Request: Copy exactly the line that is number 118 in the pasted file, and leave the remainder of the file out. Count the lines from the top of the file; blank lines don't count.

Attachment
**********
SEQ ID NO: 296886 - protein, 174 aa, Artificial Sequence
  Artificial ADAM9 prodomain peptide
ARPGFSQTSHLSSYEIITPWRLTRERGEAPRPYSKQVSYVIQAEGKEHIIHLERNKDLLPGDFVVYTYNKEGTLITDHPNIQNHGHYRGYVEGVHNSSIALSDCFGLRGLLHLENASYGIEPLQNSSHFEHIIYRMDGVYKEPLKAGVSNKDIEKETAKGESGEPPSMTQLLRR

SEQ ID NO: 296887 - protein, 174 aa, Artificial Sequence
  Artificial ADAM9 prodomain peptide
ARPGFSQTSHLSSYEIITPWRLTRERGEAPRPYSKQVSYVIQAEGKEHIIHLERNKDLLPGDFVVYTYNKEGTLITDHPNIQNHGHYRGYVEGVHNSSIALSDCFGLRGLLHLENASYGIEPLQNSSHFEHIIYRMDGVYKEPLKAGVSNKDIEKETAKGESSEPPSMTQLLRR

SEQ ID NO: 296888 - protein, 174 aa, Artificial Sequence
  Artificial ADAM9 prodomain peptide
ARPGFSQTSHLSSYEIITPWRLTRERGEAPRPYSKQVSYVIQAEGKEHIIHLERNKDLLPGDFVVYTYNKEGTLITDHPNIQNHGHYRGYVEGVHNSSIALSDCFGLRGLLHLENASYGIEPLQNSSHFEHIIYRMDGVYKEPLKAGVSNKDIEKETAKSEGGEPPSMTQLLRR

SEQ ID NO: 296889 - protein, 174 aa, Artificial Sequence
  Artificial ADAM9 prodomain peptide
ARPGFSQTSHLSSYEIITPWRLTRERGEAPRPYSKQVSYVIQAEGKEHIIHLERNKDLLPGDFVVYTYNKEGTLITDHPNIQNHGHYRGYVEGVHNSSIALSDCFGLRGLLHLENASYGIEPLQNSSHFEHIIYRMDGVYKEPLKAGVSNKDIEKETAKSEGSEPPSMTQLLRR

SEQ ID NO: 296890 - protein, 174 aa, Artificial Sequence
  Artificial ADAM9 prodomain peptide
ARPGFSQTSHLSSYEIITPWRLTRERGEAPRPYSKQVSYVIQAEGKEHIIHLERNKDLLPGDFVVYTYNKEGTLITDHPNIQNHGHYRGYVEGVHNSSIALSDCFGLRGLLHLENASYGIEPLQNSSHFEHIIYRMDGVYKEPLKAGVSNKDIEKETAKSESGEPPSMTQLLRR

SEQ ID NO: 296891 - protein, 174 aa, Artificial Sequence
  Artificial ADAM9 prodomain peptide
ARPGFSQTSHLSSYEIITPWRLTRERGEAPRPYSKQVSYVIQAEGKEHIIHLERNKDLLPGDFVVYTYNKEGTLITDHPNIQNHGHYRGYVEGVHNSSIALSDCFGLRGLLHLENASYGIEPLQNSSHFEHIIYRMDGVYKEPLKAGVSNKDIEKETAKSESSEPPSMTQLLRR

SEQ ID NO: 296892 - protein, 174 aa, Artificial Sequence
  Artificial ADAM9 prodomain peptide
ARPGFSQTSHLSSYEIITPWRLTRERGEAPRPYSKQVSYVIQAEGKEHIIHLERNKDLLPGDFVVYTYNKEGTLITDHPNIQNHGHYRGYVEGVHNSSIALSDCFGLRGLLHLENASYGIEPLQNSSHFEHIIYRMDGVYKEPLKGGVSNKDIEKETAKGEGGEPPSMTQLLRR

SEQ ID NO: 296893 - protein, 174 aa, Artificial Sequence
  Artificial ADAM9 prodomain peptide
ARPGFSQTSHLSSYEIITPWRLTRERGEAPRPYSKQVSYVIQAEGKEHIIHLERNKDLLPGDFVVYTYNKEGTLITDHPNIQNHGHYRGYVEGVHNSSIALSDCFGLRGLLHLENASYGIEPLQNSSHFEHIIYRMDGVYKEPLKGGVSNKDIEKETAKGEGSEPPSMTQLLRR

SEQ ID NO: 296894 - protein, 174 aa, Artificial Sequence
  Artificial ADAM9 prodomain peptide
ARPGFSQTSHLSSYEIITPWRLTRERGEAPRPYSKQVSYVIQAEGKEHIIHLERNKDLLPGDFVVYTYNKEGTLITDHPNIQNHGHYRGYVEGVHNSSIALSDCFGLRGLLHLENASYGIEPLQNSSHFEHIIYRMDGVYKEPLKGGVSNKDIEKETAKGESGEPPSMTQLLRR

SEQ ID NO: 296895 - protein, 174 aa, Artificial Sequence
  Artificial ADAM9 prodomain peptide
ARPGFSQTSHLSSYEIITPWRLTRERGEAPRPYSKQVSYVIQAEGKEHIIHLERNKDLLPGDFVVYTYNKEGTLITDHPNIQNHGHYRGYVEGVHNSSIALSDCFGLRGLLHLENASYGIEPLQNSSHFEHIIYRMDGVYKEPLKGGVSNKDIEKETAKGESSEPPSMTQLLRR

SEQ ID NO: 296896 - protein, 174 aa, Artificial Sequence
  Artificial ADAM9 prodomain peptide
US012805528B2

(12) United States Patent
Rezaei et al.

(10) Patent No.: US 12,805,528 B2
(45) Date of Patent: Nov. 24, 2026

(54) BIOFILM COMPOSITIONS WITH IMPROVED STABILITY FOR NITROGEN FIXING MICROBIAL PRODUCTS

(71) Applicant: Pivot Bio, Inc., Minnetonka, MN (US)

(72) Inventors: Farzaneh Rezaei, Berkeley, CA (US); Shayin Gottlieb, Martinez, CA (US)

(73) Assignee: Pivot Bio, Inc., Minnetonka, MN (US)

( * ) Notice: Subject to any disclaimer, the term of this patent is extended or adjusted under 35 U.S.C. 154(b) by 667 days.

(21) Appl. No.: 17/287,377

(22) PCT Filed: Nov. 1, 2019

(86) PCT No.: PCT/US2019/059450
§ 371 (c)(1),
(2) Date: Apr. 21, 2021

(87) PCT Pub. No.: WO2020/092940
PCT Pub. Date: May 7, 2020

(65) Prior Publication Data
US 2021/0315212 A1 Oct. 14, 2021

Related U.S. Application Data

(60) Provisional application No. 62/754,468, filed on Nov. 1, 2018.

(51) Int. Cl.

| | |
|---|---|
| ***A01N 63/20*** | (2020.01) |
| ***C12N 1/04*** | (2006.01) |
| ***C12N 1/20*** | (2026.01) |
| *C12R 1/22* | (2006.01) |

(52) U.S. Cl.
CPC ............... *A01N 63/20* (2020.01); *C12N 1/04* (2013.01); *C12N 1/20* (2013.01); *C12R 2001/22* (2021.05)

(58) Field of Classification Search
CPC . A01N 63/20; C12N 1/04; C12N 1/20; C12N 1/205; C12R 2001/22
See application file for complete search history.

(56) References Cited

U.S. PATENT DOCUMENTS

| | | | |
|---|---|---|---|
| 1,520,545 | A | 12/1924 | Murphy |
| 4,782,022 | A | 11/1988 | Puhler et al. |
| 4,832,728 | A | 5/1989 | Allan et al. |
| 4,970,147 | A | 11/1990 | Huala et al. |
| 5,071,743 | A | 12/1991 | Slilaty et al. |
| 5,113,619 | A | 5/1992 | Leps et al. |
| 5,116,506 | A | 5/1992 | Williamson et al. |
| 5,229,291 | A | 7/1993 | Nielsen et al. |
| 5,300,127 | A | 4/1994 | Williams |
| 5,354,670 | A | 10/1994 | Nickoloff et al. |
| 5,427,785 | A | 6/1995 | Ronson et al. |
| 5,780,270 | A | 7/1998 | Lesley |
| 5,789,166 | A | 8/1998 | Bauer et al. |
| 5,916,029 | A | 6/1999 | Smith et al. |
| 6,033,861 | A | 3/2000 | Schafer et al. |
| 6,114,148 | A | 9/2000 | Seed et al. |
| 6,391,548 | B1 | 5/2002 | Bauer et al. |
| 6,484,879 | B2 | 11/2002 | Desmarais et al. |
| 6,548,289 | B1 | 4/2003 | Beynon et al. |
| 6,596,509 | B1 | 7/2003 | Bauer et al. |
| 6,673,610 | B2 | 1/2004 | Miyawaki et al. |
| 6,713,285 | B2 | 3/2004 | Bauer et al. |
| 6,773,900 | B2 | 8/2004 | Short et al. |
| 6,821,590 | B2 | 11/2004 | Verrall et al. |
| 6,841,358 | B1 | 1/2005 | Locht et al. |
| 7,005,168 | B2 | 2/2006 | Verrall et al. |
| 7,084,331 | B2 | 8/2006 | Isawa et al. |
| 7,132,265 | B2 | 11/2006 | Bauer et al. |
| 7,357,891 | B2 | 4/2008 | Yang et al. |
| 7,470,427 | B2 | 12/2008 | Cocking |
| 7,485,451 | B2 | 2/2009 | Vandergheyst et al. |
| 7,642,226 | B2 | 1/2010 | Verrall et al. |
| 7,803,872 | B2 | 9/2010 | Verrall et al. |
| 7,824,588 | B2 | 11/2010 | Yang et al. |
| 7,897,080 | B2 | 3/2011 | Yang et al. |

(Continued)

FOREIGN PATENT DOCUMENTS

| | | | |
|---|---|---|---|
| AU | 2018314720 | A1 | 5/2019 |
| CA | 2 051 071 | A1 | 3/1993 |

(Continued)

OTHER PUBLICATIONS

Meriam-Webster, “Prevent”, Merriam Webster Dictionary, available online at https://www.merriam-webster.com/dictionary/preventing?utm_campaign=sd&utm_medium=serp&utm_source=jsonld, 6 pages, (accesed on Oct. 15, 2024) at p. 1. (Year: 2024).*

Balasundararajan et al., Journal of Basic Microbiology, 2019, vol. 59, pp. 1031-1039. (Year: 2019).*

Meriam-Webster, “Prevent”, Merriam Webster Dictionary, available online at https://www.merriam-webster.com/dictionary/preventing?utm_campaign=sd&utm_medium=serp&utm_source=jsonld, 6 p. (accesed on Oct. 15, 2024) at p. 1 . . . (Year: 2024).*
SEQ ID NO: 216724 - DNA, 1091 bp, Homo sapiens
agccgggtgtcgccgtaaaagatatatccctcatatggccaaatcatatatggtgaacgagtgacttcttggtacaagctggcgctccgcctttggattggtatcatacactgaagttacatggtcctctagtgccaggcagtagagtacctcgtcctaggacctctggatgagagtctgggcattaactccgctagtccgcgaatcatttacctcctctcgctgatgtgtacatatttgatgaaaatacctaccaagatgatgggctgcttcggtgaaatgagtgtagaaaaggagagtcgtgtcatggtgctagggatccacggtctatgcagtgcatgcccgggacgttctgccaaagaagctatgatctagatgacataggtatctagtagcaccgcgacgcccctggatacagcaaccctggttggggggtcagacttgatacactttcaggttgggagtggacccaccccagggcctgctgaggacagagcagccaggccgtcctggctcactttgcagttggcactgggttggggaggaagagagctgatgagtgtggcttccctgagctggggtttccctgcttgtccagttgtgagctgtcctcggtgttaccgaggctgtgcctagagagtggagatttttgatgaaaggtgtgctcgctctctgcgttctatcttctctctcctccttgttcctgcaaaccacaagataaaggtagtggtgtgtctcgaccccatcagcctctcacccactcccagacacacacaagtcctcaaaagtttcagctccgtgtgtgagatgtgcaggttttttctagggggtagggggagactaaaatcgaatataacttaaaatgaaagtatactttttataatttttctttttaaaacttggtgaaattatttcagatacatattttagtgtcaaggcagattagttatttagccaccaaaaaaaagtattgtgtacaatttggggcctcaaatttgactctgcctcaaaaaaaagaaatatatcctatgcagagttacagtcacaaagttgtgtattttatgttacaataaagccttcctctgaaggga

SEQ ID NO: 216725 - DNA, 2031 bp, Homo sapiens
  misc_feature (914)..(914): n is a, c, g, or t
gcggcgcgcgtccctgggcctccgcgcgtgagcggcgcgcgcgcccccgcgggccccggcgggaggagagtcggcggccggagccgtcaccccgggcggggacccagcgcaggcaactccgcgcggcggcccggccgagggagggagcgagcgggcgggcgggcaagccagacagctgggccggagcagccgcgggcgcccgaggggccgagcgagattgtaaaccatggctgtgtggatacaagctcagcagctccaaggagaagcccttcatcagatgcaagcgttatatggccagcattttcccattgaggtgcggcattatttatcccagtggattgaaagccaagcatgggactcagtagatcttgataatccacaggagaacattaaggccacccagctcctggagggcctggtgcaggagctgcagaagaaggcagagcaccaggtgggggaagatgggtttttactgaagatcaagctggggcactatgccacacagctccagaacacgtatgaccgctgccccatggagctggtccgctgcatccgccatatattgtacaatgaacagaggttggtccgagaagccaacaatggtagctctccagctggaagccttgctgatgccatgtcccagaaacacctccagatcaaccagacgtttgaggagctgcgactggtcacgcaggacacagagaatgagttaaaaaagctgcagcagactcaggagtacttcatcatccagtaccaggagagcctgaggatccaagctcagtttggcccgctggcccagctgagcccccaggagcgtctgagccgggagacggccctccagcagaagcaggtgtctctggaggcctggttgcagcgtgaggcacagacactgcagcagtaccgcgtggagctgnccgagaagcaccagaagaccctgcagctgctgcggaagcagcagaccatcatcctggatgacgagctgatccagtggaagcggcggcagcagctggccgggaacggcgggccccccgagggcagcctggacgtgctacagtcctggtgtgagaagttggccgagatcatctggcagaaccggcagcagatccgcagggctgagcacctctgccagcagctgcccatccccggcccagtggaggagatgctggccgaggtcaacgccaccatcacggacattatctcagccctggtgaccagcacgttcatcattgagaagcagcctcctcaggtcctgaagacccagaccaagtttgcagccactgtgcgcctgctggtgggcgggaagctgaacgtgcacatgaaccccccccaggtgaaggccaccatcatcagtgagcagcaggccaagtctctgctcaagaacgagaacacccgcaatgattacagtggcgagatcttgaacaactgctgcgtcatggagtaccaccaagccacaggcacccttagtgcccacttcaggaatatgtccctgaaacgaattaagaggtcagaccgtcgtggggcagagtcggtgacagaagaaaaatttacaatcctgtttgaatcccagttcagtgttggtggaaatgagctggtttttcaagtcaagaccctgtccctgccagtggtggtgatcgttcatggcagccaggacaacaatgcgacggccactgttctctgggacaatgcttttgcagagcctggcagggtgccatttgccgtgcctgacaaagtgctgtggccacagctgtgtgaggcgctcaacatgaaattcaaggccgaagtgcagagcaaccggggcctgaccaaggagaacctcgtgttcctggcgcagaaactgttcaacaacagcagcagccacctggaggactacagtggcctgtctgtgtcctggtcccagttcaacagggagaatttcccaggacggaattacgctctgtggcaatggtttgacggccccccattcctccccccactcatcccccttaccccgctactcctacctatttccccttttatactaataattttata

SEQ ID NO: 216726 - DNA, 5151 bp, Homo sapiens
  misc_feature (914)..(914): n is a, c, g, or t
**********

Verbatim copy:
SEQ ID NO: 216725 - DNA, 2031 bp, Homo sapiens